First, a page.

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Products > Plectranthus neochilus
Plectranthus neochilus - Lobster Flower

Habit and Cultural Information
Category: Perennial
Family: Lamiaceae (Labiatae) (Mints)
Origin: South Africa (Africa)
Evergreen: Yes
Flower Color: Blue
Bloomtime: Year-round
Fragrant Flowers: Yes
Synonyms: [Coleus neochilus P. x caninus,P. 'Lois Woodhull']
Height: 1-3 feet
Width: Spreading
Exposure: Sun or Shade
Summer Dry: Yes
Irrigation (H2O Info): Low Water Needs
Winter Hardiness: 25-30 F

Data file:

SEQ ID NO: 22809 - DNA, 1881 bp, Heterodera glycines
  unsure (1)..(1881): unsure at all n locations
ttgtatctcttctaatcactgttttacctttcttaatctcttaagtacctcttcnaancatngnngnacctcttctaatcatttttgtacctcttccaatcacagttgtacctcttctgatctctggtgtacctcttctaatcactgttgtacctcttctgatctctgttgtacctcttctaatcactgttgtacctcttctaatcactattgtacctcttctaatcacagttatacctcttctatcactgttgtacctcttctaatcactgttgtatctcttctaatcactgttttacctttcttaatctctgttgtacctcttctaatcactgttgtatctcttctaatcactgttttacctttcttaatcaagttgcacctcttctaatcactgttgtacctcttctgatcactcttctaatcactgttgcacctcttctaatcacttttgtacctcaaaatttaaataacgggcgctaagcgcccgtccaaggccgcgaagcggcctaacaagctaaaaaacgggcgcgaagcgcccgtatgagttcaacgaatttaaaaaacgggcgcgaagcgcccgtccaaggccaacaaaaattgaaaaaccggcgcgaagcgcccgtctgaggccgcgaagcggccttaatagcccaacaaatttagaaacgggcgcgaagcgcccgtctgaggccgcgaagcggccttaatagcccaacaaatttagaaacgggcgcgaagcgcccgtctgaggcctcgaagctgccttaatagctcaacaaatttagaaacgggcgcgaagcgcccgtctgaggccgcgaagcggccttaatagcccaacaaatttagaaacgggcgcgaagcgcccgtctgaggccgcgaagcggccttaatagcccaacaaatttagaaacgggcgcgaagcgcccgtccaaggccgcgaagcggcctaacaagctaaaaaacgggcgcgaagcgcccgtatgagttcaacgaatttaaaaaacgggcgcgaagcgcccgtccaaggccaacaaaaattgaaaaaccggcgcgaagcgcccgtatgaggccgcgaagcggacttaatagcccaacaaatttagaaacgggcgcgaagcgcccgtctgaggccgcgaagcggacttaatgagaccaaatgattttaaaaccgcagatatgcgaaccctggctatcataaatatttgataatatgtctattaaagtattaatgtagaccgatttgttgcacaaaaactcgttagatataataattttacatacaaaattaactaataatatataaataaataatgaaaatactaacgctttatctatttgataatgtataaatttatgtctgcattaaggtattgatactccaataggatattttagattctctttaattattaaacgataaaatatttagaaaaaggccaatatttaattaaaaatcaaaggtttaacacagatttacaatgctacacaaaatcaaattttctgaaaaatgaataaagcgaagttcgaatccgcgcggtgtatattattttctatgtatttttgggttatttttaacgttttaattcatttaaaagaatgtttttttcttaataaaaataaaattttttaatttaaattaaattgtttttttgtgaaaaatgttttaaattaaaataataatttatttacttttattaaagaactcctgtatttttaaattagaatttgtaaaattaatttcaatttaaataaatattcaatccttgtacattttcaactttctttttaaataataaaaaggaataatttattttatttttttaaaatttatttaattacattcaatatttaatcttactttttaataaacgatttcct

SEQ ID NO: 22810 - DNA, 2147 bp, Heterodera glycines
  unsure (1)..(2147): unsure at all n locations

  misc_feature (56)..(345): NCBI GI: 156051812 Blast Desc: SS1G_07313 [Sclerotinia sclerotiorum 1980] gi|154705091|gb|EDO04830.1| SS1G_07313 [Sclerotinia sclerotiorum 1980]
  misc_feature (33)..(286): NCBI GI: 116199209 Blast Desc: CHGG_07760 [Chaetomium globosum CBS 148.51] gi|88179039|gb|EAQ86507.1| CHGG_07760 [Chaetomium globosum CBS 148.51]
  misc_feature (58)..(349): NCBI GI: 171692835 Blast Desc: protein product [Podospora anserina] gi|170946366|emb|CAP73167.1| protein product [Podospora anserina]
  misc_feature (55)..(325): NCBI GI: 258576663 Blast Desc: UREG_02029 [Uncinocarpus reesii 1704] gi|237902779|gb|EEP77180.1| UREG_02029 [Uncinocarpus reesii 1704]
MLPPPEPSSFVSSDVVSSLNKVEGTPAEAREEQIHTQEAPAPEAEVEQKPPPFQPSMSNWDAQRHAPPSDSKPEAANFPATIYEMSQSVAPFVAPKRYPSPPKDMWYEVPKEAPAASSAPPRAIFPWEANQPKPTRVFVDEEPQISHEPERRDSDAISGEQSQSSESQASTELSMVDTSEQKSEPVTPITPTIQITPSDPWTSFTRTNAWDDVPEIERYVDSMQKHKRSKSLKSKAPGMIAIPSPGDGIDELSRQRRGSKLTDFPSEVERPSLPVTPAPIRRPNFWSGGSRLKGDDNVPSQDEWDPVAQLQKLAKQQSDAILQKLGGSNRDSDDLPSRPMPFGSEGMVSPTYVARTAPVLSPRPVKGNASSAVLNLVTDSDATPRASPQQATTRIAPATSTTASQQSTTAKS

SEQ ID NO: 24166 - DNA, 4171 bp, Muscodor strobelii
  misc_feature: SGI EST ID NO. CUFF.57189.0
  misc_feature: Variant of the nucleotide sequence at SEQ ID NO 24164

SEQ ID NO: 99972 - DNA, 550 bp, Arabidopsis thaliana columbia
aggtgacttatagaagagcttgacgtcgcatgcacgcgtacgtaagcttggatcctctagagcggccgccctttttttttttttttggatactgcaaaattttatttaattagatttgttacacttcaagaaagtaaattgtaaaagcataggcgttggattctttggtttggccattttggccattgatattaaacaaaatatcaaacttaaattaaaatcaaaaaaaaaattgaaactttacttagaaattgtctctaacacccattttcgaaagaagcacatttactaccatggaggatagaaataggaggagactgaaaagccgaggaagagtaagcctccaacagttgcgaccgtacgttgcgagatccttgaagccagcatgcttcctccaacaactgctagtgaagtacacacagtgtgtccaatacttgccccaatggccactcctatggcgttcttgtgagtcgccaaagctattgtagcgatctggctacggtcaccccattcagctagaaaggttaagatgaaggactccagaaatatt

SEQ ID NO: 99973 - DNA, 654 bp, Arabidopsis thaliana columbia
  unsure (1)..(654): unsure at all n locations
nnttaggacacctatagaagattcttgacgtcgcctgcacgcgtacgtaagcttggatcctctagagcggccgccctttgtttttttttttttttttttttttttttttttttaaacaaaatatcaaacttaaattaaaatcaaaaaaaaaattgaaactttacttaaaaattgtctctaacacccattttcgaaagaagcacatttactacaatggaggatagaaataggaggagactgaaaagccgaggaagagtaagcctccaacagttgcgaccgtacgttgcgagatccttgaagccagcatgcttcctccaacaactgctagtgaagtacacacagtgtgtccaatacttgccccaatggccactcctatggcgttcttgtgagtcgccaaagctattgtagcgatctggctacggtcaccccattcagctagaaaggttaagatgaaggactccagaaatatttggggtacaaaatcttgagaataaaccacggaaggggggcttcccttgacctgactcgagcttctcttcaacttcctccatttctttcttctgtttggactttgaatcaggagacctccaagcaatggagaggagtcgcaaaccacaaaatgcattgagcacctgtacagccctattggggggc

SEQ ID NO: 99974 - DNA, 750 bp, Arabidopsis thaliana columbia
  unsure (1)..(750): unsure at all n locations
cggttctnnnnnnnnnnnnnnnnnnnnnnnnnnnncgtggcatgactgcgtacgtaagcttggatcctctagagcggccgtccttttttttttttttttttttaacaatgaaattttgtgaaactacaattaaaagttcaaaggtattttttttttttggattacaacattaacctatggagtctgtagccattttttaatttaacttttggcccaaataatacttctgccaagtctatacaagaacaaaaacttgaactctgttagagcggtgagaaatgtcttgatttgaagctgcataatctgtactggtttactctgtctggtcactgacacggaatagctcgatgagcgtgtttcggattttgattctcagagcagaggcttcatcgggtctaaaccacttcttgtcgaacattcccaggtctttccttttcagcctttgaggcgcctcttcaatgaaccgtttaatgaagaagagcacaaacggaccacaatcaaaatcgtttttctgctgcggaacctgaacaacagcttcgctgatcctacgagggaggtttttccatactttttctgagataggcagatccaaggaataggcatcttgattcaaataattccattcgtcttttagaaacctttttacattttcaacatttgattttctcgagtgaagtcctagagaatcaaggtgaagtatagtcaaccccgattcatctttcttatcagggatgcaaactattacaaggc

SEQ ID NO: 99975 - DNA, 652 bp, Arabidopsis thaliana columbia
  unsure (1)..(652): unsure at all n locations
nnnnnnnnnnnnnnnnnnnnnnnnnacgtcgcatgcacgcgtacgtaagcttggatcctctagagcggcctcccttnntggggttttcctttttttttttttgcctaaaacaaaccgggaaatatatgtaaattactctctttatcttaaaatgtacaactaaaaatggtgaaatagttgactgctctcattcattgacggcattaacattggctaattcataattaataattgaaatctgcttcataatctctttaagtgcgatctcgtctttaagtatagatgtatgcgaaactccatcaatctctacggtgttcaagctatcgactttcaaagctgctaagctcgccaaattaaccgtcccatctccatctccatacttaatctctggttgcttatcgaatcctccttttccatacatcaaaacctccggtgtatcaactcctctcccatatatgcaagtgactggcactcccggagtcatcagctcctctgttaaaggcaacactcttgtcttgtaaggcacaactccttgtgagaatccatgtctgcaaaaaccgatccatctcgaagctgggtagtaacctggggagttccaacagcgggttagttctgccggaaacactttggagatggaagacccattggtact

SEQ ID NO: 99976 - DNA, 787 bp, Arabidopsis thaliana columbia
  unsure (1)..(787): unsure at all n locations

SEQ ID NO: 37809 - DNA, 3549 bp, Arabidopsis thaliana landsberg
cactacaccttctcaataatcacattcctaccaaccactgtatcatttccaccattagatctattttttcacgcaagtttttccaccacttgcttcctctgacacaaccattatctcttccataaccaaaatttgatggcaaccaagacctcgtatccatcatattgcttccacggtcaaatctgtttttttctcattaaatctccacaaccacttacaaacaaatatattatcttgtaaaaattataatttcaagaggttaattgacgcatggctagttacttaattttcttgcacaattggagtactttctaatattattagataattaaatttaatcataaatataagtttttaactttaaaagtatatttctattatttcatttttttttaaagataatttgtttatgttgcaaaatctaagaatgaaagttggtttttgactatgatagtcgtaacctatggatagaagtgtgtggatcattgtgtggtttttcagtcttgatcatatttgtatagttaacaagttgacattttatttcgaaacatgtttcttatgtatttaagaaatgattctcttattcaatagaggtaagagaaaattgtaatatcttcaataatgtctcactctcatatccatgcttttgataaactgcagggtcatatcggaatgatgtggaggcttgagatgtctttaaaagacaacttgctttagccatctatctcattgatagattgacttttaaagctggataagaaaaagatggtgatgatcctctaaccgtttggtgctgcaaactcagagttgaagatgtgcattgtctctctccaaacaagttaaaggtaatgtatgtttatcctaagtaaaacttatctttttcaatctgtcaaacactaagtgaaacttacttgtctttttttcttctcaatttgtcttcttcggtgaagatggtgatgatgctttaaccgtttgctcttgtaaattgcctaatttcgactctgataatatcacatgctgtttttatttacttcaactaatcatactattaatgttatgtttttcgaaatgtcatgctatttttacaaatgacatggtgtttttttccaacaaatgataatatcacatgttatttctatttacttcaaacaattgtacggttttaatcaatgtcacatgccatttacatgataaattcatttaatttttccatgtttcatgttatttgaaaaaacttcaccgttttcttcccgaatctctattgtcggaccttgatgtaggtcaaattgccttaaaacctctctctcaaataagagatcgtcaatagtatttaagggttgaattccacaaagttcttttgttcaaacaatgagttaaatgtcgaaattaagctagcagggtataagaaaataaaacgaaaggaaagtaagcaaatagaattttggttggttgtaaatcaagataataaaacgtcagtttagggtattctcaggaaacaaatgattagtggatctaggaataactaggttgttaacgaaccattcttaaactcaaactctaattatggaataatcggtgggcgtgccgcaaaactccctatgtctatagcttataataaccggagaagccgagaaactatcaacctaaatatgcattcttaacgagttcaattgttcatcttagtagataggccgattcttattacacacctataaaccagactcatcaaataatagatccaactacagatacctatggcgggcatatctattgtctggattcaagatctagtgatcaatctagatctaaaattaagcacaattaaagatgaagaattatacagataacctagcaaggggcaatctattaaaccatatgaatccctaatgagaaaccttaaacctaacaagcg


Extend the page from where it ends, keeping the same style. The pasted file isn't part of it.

Plectranthus neochilus (Lobster Flower) - A perennial, aromatic, succulent herb, which grows as a ground-hugging wide spreading mat under 1 foot tall (a little taller in shade or when well watered) with rounded slightly scalloped gray-green foliage and deep blue and purple flowers that rise 3 to 6 inches above the foliage from spring through late fall (some say they bloom year-round). This plant makes an attractive ground cover when not in flower and is spectacular when flowering. It is also useful in hanging baskets and containers. Plant in bright shade to full sun near the coast. Useful in difficult dry sites as long as soil drains adequately. This plant responds well to winter rains and occasional irrigation. Hardy to at least 30 F and is treated as an annual in colder climates - here in Santa Barbara the plants are often in bloom year-round, including in the dead of winter. The skunky aromatic foliage makes this plant somewhat deer resistant and in South Africa the plant is even thought to repel snakes. A gardener in the San Francisco Bay area also tells us that even snails leave it alone. We have also seen references to it being marketed as a repellent to dogs and then grown under the ficticious, but amusing, name Plectranthus x caninus and it seems to also be around under the name Plectranthus 'Lois Woodhull'. Grows naturally in dry thickets, and rocky woodlands, from the Eastern Cape to the Natal in in South Africa and in Zimbabwe, Zambia and Namibia. The name for the genus comes from the Greek words 'plektron' meaning a "spur" and 'anthos' meaning "flower" in reference to the spur that is found at the base of the corolla tube of the type species, Plectranthus fruticosus. The specific epithet comes from the Greek words 'neo' meaning "new" and 'chilus' meaning "lip", presumably referring to the the large lower lip of the flower. We also grow a variegated form that we call Plectranthus neochilus 'Fuzzy Wuzzy' The information on this webpage is based on research conducted about this plant in our nursery library, from online sources, as well as from observations made of it as it grows in the nursery in containers, in the nursery's garden and in other gardens where we have observed it growing. We will also incorporate comments received from others and welcome getting feedback from those who may have additional information, particularly if this information includes cultural information that would aid others in growing  Plectranthus neochilus.